Jules Van Nuffel (1883-1953) is the central figure in this programme focusing on five centuries of choir repertoire. Notwithstanding the fact that he principally composed church music (masses, psalms and songs), Van Nuffel can be seen as one of the leading Flemish composers of the twentieth century. His music does not only answer to the liturgical standards of his time, but also gives evidence of a high, artistic level. Because of the clear impressionist features to be found in many of his works, his contemporaries often gave him the label of ‘rather progressive’.
Both in the genre of the motet as in the genre of the psalm Van Nuffel felt at home. The Greek word ‘psalm’ can be translated as ‘hymn with string accompaniment’ and refers to biblical poetry. A motet is a short, polyphonic piece for singers. The genre originates from the Middle Ages and was meant to be nothing more than a rhythmical extension on a text. During the Renaissance the motet further developed. Mostly religious texts were used (often psalms or other biblical texts) and the profane character gradually disappeared.
The focus will not only be on Van Nuffel, but also on Philippus De Monte (Mechelen, 1521-1603), who equally left his mark on the choir music of the past centuries. He was a composer from the Renaissance and an absolute master in the art of madrigals. Initially he composed in an innovative, almost progressive way, with elaborate chromatics to give more expression to the text. Later he evolved to a more simple and mild style, with less polyphonic structures, but with short themes and motives.
With William Henry Harris (1883-1973) we move to the twentieth century. His oeuvre mainly includes Anglican church music. The motet Bring us o Lord (1959), a relatively late work, was set to a religious poem by John Donne. It starts in a rather modes way, but slowly becomes expressive without, however, losing itself in a clear cadence. The work ends with a humble ‘Amen’.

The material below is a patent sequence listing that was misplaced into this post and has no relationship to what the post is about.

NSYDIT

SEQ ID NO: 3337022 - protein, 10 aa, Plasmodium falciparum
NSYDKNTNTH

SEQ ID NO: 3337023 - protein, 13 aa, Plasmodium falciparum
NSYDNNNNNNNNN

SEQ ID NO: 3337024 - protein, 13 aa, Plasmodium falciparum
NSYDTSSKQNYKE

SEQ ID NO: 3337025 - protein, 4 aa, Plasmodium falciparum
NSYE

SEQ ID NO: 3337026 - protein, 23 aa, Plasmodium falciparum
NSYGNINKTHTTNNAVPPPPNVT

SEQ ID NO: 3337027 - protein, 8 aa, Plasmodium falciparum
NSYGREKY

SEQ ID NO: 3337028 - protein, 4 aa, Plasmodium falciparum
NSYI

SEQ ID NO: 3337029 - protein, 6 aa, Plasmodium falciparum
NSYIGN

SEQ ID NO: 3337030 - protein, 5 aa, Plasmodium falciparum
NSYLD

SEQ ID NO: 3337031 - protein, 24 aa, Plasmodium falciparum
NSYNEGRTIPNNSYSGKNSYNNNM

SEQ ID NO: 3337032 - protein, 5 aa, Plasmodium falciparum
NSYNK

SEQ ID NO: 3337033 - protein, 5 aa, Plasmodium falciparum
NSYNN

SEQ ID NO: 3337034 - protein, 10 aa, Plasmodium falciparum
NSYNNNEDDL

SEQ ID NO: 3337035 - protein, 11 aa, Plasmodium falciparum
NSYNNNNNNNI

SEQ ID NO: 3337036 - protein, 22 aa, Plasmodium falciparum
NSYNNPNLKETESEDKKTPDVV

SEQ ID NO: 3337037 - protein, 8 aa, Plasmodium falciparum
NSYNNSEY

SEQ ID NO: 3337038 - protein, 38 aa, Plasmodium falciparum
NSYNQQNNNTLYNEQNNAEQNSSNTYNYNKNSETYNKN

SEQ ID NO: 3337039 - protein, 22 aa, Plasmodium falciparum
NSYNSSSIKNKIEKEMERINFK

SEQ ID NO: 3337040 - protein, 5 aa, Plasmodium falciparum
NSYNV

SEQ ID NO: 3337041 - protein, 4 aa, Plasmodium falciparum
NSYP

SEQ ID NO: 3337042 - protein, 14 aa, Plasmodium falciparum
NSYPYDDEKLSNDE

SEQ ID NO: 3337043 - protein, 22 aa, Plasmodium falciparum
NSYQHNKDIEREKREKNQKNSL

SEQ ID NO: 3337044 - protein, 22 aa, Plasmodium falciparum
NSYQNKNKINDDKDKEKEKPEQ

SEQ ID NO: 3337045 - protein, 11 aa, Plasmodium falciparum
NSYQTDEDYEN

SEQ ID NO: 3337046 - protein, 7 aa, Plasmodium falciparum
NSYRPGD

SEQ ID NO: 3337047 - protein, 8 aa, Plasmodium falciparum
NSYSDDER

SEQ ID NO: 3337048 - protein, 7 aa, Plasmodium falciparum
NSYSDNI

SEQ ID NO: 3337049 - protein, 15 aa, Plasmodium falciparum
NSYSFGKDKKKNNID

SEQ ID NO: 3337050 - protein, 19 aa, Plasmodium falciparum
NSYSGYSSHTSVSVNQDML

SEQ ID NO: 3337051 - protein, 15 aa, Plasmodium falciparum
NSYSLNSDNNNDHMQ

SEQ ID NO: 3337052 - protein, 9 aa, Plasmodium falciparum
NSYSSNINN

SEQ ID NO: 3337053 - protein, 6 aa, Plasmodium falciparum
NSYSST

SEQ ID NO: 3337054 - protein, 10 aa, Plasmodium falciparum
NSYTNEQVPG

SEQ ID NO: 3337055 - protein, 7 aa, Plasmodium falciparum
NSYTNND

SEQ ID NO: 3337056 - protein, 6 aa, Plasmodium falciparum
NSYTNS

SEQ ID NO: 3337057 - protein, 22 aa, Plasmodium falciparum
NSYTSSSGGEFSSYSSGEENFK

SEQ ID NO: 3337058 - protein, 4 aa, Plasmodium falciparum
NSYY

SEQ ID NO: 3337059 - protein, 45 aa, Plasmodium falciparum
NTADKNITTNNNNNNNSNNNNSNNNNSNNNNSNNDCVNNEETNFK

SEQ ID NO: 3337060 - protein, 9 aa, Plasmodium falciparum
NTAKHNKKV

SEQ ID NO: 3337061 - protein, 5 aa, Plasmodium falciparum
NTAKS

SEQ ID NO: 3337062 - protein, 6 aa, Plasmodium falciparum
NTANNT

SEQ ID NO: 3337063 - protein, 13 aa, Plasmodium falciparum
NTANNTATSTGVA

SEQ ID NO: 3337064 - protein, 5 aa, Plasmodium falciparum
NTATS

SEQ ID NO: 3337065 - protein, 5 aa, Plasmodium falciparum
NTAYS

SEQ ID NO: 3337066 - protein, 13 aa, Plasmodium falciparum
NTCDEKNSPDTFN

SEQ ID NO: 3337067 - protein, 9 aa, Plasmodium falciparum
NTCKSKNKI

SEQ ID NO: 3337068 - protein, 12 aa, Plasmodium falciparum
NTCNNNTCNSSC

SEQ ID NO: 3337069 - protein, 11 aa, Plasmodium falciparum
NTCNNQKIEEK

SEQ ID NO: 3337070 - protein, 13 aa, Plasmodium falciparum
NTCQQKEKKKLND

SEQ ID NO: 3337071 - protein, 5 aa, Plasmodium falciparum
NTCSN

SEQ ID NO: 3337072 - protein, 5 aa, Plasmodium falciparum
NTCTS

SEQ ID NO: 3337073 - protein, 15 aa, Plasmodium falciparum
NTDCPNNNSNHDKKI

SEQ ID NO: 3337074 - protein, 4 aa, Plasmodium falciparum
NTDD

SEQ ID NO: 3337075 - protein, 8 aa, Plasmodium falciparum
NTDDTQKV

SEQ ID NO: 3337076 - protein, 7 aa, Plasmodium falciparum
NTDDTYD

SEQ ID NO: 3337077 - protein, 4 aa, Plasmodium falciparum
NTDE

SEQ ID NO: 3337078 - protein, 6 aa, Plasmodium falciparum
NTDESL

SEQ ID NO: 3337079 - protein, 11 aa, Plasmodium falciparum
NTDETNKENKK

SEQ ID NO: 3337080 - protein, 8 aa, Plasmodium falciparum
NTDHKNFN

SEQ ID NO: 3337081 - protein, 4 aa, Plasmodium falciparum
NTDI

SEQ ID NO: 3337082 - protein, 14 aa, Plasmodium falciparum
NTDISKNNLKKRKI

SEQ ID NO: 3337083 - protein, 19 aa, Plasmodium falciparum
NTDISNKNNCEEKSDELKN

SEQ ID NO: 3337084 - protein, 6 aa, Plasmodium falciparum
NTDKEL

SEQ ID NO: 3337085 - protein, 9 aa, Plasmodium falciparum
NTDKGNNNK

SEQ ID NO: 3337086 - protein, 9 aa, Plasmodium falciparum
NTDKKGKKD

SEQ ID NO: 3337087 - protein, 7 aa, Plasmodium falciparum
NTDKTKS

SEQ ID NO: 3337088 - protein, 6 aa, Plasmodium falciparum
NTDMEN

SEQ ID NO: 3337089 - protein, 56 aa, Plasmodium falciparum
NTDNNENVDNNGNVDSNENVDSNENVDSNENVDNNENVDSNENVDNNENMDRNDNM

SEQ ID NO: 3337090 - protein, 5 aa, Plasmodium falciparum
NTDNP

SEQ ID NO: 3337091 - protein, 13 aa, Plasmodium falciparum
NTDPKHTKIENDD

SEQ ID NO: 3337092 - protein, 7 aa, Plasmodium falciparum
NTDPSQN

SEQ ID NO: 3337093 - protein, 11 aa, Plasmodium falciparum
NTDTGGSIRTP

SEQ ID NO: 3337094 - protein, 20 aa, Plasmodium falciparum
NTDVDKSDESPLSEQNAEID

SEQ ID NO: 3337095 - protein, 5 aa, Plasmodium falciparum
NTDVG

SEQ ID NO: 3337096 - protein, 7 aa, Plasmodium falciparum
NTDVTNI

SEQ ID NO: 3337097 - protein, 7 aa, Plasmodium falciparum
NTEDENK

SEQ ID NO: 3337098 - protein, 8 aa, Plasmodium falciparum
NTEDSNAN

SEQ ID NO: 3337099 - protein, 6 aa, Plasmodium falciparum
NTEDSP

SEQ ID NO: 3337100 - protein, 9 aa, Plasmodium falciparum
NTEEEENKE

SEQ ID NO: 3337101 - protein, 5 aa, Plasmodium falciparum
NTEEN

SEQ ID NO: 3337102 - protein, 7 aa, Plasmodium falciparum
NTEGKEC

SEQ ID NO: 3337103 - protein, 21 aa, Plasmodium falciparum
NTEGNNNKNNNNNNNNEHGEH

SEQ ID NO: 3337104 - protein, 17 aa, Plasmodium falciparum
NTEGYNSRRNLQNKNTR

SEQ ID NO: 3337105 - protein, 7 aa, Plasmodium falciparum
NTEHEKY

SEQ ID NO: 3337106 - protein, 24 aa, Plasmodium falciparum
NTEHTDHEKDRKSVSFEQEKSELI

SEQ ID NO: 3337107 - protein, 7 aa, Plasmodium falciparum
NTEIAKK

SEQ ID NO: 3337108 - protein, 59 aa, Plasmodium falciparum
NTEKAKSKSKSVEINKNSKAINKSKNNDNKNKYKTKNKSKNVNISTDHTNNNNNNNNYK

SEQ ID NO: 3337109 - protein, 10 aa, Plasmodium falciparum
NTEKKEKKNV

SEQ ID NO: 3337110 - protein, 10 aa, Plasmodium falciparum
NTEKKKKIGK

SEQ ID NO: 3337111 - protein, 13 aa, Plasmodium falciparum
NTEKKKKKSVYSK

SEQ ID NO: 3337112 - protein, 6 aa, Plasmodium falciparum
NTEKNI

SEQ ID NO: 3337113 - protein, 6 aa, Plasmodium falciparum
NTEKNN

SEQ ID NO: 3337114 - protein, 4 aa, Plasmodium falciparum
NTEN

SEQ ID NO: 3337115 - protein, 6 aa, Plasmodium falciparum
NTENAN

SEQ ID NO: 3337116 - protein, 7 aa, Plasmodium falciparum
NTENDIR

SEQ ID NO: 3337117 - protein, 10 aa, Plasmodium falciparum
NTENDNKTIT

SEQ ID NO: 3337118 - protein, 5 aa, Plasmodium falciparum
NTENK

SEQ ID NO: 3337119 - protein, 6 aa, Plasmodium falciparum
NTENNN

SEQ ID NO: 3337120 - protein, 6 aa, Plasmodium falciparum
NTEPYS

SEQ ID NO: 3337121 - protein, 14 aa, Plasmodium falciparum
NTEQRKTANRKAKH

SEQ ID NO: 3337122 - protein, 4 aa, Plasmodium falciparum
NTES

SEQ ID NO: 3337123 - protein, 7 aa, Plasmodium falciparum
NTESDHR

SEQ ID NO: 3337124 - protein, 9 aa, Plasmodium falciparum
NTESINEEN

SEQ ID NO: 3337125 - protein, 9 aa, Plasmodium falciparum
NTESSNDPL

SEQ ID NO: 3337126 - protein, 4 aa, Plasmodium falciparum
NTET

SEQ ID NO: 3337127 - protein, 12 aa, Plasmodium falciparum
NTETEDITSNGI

William Harris: Bring us, o Lord
Jules Van Nuffel: Ego sum panis
Ph. de Monte: Super flumina Babylonis
Jules Van Nuffel: Super flumina Babylonis
Raymond Schroyens: Door de neev’len van den avond (uit: Adagio triptiek)
Raymond Schroyens: Voorbij de zon en de wind
Raymond Schroyens: Parting / I took my power / I died for beauty (uit: Dickinson miniatures)
Kurt Bikkembergs: Tombeau à 7
Jules Van Nuffel: Ave Maria
Jules Van Nuffel Domine: ne in furore tuo arguas me
William Byrd: Ave Maria
Flor Peeters (1903-1986): Toccata over ‘Ave Maris Stella’
door Marie Petit, orgel
Alphonse Mailly (1833-1918): Andante con moto
door Stan Van Rompay, orgel
Kurt Bikkembergs (°1963): Gaudeamus
door Wieland Claes, orgel
LUCA organizes about 25 concerts every year. Solo recitals, chamber music, choral and orchestral works as well as the large symphonic repertoire from a period spanning more than four centuries are alternately discussed.
In addition to these concerts, you can also regularly see students at work during bachelor's and master's theses and on concert theses. These are freely accessible to the public.